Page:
Yesterday’s election in Turkey was momentous for a variety of reasons, with major implications for regional geopolitics and the domestic economy. But historians will remember these polls for one thing in particular: the role of tech-powered disinformation.
Just days before the Sunday election, one of the best-known opposition candidates, Muharrem İnce, pulled out. An alleged sex tape had been circulating on social media and he claimed his appearance in it was the result of deepfake technology; nonetheless, he withdrew from the contest.
Kemal Kılıçdaroğlu, the main opposition candidate, blamed Russia for this and other disinformation doing the rounds in the run-up to the election. “Get your hands off the Turkish state,” he tweeted in Moscow’s direction while telling Reuters he had evidence of Russia’s involvement. (Russian President Vladimir Putin and incumbent Turkish President Recep Tayyip Erdoğan have a complex but generally friendly relationship, and Erdoğan’s tendency to play a divisive role within NATO suits Putin just fine in the context of his war on Ukraine.)
What difference did İnce’s departure make to the election result? It’s hard to tell. He was polling at less than 2% and, as a longstanding rival of Erdoğan—İnce was the main opposition candidate in the 2018 elections—those votes probably went to Kılıçdaroğlu.
But given that Erdoğan only barely failed to clear the 50% threshold that would have avoided the run-off that will now take place in a couple weeks—he got 49.5% to Kılıçdaroğlu’s 44.9%—this election was one where every percentage point mattered.
And the alleged İnce deepfake was not the only one out there. The fact-checking site Teyit (think Turkish Snopes) has debunked many such pieces of disinformation and one of them even got brandished by Erdoğan himself—at a rally, the president showed his supporters a Kılıçdaroğlu campaign video that had been modified to depict members of the banned PKK terrorist organization singing the opposition party’s song. Somewhat less damningly, a Twitter user claimed to have trained an A.I. on Kılıçdaroğlu’s voice and used it to generate a version of his campaign speech delivered in flawless English.
Faked photos and even videos have been around for a while, but thanks to A.I. they are so much easier to make now, in a form that convinces many of those who aren’t paying close attention—which is most people. Soon, they will be incredibly simple to generate at a quality level that will fool even more voters. From now on, as Fortune reported recently, this will be a feature of most elections, including next year’s U.S. presidential election, and I think it’s fair to say we aren’t ready.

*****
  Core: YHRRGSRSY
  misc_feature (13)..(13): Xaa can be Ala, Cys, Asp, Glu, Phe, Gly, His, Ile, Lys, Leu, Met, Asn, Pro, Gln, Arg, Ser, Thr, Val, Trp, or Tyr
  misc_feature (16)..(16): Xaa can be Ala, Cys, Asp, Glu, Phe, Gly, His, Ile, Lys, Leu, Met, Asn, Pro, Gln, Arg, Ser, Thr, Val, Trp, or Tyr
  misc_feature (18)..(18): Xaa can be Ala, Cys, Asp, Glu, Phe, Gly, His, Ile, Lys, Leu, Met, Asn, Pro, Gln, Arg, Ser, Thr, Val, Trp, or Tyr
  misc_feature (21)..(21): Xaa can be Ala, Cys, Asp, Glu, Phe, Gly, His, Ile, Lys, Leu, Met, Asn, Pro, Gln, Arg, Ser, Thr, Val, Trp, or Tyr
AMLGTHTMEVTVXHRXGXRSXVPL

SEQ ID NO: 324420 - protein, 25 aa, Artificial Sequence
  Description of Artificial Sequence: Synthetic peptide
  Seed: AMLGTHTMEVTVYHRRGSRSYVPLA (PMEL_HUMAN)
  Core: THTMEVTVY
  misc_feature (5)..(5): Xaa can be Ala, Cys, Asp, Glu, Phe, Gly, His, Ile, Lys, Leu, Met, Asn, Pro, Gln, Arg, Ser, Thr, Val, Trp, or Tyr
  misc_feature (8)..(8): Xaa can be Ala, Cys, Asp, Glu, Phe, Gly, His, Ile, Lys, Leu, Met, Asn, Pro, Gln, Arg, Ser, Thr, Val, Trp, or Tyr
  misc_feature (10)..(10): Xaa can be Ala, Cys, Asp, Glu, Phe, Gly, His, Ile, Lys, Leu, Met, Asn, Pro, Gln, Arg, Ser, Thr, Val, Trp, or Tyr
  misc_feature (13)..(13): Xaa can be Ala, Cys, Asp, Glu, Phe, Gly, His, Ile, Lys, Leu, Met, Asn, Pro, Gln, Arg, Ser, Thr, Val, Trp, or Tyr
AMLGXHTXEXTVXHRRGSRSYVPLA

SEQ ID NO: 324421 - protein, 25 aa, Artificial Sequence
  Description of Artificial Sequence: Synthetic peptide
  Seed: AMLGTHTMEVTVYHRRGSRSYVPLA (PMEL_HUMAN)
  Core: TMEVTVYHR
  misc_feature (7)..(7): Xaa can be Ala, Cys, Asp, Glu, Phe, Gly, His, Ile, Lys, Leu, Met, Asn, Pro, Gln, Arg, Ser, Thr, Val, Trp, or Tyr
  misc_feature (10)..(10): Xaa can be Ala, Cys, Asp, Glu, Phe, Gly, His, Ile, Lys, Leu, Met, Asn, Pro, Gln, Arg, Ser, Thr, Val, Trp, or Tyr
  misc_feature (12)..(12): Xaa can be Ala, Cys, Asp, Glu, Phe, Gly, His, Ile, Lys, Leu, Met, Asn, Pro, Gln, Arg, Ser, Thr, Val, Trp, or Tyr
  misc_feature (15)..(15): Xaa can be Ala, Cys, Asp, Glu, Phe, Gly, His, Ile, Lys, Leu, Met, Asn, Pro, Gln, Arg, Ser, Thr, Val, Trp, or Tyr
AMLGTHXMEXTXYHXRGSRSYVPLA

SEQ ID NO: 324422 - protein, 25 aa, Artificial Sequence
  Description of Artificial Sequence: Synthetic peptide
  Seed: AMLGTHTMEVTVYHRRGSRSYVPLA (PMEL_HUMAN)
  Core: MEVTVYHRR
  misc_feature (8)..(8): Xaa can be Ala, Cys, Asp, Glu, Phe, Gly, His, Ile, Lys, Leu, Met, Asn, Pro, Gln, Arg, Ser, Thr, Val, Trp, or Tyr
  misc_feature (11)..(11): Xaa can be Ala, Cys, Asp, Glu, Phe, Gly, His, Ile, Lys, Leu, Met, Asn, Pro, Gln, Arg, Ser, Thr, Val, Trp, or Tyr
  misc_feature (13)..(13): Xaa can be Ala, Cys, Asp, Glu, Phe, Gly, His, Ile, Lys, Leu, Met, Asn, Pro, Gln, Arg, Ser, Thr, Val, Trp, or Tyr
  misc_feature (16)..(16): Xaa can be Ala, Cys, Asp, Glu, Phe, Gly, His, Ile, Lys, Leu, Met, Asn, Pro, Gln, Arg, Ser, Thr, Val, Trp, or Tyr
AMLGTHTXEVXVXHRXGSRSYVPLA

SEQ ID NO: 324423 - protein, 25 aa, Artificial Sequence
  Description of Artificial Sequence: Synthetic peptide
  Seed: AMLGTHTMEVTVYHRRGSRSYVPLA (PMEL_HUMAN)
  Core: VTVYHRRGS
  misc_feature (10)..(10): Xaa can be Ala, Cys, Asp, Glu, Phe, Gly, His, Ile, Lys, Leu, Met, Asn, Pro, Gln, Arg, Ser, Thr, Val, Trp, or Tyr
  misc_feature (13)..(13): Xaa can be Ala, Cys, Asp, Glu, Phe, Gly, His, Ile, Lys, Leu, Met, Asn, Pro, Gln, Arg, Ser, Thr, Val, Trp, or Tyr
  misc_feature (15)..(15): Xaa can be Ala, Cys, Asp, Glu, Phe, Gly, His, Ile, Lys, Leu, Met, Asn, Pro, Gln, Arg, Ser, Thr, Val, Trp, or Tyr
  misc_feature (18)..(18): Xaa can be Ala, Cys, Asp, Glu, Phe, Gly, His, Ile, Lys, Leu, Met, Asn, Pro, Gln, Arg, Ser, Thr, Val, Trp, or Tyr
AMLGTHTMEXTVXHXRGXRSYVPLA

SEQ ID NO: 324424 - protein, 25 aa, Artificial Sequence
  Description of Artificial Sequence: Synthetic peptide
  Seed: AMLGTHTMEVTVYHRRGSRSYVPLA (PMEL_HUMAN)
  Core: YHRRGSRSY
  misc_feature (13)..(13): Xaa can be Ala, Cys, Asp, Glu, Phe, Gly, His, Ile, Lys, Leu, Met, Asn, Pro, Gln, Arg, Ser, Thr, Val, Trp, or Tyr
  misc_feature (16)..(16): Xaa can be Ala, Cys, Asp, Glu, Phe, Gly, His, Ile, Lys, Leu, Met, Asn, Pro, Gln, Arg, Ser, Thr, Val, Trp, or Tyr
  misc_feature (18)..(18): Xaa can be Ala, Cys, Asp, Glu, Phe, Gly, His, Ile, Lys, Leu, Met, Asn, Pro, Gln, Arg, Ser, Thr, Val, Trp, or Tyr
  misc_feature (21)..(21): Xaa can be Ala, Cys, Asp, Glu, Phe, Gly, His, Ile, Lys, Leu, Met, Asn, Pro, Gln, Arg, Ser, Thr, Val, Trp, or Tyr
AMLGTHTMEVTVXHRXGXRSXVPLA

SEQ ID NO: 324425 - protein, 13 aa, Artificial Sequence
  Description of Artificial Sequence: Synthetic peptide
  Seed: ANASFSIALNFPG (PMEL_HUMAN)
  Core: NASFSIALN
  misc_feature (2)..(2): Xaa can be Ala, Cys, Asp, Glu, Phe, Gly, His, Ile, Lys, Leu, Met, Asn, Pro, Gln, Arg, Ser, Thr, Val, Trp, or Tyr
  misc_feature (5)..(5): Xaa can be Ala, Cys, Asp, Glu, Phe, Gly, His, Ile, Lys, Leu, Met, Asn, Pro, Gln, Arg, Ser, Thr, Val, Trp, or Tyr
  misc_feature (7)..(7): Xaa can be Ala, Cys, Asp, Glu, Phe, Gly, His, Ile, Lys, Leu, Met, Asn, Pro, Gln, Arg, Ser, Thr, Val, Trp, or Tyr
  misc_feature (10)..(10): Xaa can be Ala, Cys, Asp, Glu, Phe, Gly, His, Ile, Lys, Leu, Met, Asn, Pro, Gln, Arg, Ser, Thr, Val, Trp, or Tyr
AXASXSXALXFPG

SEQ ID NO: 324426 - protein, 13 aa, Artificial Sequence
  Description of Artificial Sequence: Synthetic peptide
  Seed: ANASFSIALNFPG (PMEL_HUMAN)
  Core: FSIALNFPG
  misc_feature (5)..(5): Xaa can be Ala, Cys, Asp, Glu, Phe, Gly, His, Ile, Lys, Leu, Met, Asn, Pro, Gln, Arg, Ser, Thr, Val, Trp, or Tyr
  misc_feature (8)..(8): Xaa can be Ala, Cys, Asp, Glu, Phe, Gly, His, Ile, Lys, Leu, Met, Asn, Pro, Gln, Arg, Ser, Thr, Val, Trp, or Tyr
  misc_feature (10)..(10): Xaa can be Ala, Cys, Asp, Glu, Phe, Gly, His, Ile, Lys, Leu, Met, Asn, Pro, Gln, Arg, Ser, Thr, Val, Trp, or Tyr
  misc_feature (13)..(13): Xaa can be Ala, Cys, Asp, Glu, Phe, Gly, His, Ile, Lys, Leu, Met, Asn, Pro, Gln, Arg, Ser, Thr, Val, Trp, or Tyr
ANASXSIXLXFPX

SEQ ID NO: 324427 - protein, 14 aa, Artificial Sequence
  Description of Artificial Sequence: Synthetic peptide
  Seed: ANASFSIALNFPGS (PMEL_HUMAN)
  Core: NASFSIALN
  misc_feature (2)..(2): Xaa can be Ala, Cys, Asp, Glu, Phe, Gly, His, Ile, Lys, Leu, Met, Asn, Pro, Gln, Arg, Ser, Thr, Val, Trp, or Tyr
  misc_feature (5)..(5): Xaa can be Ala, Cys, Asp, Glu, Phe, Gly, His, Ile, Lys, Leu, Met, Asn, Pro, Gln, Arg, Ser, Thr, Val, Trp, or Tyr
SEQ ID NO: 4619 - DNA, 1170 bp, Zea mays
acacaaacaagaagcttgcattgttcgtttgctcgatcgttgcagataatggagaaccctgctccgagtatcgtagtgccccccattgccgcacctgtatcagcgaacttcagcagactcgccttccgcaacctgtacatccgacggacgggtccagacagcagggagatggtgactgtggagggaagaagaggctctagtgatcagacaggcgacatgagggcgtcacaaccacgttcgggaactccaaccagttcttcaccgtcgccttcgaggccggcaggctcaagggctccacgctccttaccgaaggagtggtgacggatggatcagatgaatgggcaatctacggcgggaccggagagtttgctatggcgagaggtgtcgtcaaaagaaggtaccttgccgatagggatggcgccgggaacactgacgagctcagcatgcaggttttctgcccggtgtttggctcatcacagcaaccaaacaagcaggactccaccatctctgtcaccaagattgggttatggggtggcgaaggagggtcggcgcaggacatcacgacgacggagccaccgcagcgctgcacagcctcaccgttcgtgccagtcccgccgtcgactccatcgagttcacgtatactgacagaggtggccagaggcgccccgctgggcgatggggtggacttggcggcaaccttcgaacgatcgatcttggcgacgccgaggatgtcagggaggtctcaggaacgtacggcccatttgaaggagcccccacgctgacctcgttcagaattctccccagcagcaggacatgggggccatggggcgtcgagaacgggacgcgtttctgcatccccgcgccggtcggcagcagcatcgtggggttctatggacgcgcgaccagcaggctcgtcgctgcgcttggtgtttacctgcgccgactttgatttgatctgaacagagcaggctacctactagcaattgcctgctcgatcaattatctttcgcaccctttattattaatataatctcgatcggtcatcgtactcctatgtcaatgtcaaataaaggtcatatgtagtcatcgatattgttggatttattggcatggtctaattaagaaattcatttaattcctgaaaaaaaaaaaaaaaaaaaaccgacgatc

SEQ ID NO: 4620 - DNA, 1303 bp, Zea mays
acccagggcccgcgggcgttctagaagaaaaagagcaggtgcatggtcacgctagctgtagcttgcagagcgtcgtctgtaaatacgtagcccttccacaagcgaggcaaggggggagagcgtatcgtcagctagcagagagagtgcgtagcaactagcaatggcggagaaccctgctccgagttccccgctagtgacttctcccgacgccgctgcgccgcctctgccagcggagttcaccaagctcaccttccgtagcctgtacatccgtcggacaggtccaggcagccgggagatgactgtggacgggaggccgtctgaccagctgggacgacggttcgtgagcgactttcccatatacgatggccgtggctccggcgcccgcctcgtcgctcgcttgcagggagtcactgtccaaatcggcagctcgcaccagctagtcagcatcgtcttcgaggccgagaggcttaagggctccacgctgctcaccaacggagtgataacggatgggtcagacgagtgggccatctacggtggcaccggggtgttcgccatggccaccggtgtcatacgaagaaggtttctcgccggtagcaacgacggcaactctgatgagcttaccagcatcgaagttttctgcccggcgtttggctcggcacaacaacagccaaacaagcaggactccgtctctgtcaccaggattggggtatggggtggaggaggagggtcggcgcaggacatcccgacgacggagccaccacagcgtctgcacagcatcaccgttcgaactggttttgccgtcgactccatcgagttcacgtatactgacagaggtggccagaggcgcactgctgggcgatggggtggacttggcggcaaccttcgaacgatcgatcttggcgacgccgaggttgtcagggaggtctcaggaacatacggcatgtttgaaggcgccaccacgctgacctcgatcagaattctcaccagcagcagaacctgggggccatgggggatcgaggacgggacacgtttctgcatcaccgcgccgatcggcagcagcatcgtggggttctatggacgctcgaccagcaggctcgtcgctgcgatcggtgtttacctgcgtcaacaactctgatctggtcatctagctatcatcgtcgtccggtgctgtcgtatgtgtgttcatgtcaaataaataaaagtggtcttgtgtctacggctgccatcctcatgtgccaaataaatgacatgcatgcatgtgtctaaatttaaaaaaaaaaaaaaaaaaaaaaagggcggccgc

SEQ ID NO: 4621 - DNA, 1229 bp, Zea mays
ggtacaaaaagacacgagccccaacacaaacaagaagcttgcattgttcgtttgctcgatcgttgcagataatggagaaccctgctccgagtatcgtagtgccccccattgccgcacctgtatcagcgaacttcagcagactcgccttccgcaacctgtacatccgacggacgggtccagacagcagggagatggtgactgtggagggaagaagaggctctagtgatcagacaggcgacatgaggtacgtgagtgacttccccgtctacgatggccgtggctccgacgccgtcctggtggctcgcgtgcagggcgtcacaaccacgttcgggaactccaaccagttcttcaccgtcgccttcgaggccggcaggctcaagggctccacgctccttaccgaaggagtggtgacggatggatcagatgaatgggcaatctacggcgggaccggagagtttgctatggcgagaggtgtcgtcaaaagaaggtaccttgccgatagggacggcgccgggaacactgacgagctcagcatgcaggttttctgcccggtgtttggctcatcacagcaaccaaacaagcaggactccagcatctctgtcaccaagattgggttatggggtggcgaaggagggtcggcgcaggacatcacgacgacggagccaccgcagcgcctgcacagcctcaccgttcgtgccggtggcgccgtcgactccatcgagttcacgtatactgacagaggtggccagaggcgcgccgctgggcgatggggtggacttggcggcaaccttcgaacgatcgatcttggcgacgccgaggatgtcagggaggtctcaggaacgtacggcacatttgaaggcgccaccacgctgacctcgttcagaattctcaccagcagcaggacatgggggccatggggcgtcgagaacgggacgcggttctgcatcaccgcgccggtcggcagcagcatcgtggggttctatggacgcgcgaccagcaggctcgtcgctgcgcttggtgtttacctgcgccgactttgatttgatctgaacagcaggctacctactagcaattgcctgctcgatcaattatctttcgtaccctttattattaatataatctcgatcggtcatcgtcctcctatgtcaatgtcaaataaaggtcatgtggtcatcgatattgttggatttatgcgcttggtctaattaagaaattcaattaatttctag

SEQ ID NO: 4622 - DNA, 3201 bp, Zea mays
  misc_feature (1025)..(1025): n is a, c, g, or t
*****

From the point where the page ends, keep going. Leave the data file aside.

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Data Sheet’s daily news section was written and curated by Andrea Guzman.
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BEFORE YOU GO
The newest TikTok trend. A recipe involving Fruit Roll-Ups spread on TikTok and now Israel faces a shortage. So, people are smuggling massive amounts of Fruit Roll-Ups, which can sell for $8 per snack. The imports from flyers might be over though, the New York Times reports. In late April, an American couple was caught trying to bring in almost 375 pounds of the snacks in their suitcases. The legal limit is around 11 pounds for a specific food product. Recently, the Israeli Tax Authority confiscated 661 pounds of Fruit Roll-Ups in one week alone and has sent an undercover unit to Ben Gurion Airport.
The recipe people are so desperate to make blew up after an influencer named Golnar Ghavami shared a video earlier this year wrapping a Fruit Roll-Up around a scoop of mango ice cream, garnering more than 14 million views.
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